Problems mount for stagnating Bradford City

Rotherham home

Bradford City 0

Rotherham United 1

Vukic 20

Thursday 26 December, 2013

By Jason McKeown  (image by Claire Epton, see note below)

A cloud hovers stubbornly over Valley Parade, and with it the mood is creeping darker and darker. We Made History, well that’s now history. The here and now sees a growing list of problems and, troublingly, an ever-dwindling range of potential solutions.

Bradford City were painfully second best today. Rotherham United’s sixth straight victory over the Bantams was the closest in terms of scoreline, but the widest in terms of class. Steve Evans’ side were as horrible and crude as ever, yet they can suddenly play good football too. They have progressed since they were here last April, evolving into a highly effective League One side that now sits comfortably in its final play off position, eight points ahead of City.

And on this evidence, that seems about right. Of course there were mitigating circumstances for the home side’s lacklustre display which cannot, and should not, be ignored. With James Hanson joining long-term absentee Andrew Davies on the sidelines, it was bad timing all round that Andy Gray’s City career reboot was brought to another premature halt through a dead leg. Phil Parkinson overlooked Alan Connell as a replacement in favour of handing 17-year-old Oliver McBurnie a full debut. His strike pairing with 23-year-old Nahki Wells ranking as one of the youngest City have fielded in years.

It surely demanded a change in approach from the rest of the team, but inexplicably the same high tempo, direct tactics were deployed against a Rotherham side who has found them comfortable to defend against even when the physical presence of Hanson was available. And though McBurnie enjoyed a promising debut that saw him show good strength and quick feet, nothing was sticking up front and Rotherham were able to regain possession from the Bantams far too easily.

Perhaps it would have been different if an early half volley attempt from Wells hadn’t flashed past the wrong side of the post. City started the game well with McBurnie coming deep to get involved with attacks and Garry Thompson having one of his better days; but gradually Rotherham neutralised the threat of City’s strikeforce and the erratic Kyel Reid. The Millers stuck men behind the ball and then counter attacked in packs. As City attempted to get numbers to support McBurnie and Wells, the high defensive line played by the back four – which featured Carl McHugh for the first time in the league this season – was routinely breached.

City can’t say they weren’t warned, and eventually fell behind to a superb curling effort from Haris Vuckic, 20 minutes in. After the game Parkinson was asked twice about how unfortunate it was to concede such a quality goal and, to his credit, refused to accept it as an excuse. Because, in truth, it was a highly preventable strike, in view of the dismal defending in the build up to it. Possession was squandered in a poor area of the pitch, and Matthew Bates once again got caught out by an opposition player running at him with speed. Gary Jones had successfully halted Lee Frecklington’s charge forward, only for the loose ball to fall to Vukic with no defender anywhere near him. Take your time, pick your spot, 1-0 Rotherham. Wonderful, but easy too.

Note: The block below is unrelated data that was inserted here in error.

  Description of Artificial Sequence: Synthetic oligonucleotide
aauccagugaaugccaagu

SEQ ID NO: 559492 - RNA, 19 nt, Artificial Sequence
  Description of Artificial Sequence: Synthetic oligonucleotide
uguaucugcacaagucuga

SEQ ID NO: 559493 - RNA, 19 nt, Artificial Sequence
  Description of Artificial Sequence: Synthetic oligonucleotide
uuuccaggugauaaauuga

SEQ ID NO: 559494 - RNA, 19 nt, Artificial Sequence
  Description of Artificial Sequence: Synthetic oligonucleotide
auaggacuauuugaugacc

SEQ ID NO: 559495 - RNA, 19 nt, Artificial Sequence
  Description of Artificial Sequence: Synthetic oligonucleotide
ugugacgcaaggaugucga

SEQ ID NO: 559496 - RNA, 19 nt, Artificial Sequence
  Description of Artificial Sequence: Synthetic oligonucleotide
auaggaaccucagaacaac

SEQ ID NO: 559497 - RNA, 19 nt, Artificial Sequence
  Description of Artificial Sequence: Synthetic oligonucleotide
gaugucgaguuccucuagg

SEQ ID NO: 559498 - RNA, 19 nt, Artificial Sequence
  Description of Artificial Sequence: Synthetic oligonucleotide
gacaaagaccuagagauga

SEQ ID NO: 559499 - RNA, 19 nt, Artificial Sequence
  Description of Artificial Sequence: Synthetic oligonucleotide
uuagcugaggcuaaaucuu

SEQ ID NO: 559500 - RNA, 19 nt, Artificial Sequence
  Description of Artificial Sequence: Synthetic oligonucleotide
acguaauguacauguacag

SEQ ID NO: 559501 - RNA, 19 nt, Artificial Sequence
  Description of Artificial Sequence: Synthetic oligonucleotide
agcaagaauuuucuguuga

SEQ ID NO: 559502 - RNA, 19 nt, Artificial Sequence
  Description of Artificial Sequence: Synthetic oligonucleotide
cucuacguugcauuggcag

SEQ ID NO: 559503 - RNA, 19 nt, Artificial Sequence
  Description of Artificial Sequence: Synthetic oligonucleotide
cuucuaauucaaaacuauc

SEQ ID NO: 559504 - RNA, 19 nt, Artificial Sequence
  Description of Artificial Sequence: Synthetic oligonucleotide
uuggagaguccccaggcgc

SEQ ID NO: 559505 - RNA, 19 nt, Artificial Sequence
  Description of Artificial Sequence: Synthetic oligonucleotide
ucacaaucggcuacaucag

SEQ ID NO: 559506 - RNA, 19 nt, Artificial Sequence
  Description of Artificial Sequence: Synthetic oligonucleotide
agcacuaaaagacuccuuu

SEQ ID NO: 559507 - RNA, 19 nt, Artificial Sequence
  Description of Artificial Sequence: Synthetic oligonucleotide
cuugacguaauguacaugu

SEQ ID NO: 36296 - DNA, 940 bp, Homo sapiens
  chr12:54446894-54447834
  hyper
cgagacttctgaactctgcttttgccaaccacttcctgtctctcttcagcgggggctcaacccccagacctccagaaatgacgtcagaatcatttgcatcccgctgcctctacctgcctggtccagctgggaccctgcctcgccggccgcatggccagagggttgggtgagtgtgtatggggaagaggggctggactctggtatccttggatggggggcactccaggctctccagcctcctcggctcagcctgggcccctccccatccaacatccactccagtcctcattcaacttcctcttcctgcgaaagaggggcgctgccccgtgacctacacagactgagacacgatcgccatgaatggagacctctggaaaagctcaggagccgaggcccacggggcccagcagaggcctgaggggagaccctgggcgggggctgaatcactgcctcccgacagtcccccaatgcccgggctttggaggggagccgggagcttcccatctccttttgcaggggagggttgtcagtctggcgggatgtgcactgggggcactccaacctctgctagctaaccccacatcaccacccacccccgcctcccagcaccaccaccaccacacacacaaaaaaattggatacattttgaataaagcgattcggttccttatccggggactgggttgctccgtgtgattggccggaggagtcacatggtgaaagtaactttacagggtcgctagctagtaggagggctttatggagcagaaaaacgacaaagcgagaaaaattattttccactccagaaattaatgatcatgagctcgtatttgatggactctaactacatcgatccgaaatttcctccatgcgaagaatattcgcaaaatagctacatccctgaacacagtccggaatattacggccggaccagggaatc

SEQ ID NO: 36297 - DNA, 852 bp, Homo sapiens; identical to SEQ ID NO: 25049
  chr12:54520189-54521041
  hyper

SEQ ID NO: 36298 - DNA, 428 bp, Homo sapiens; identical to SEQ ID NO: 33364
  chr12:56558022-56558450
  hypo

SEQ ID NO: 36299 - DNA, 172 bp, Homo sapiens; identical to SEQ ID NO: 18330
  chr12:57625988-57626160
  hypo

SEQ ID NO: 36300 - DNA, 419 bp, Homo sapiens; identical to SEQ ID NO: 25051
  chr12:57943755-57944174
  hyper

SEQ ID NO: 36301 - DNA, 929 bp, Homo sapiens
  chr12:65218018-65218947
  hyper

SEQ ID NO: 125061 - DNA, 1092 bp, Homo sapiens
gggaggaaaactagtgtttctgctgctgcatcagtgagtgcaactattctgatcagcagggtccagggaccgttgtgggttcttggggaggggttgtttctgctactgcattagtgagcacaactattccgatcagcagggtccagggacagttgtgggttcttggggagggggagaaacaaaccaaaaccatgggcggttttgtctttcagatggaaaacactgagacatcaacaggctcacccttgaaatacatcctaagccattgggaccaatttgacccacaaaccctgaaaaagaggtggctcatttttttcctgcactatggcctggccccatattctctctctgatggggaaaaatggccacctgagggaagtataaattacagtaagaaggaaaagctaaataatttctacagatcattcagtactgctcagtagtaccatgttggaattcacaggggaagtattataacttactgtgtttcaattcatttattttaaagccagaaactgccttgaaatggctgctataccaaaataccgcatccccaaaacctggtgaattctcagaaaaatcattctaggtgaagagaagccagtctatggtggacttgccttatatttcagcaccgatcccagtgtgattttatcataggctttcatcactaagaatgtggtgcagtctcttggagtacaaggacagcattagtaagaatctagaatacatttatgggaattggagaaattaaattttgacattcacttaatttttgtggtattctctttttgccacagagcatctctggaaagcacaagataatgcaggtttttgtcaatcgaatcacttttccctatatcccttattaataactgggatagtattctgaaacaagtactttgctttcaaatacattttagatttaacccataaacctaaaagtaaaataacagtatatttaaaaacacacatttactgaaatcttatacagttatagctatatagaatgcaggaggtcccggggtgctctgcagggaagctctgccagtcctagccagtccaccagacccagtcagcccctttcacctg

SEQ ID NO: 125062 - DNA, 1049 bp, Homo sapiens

The response was woeful. Thompson forced a decent save from 15 minutes later, but it was City’s only shot on target as Rotherham continued to pour forward on the break with a greater sense of co-ordination and purpose. It was hugely concerning, not least the way that City’s central midfield duo were completely outgunned.

Jones’ influence on the match was minimal and at times he sadly looked as though his age has caught up with his body. Over 10 years his junior, Doyle had no such excuse. Yet he continued to lose possession and constantly seemed to make the wrong choice. Rotherham’s 4-4-2 matched City’s but their midfield four was much more compact, enabling them to run the game. In Ben Pringle they have arguably the division’s best wide player, and he gave Stephen Darby his toughest examination of the season. Alex Revell led the line superbly for the Millers, rubbing it in just how much City missed Hanson.

The game’s pattern was set in that first half, but most troubling of all today was City’s complete inability to alter it in the second. Parkinson did not cover himself in glory with the way he set up his team. And to continue to play in a manner requiring a targetman was baffling in the absence of such a player to get on the end of the numerous punts forward. Mark Yeates and Alan Connell were introduced during the second half, but the strategy was never altered. Rotherham looked more likely to score the next goal and had four terrific opportunities – two of which saw Jon McLaughlin make fantastic saves, the other two were wasted by Kieran Agard.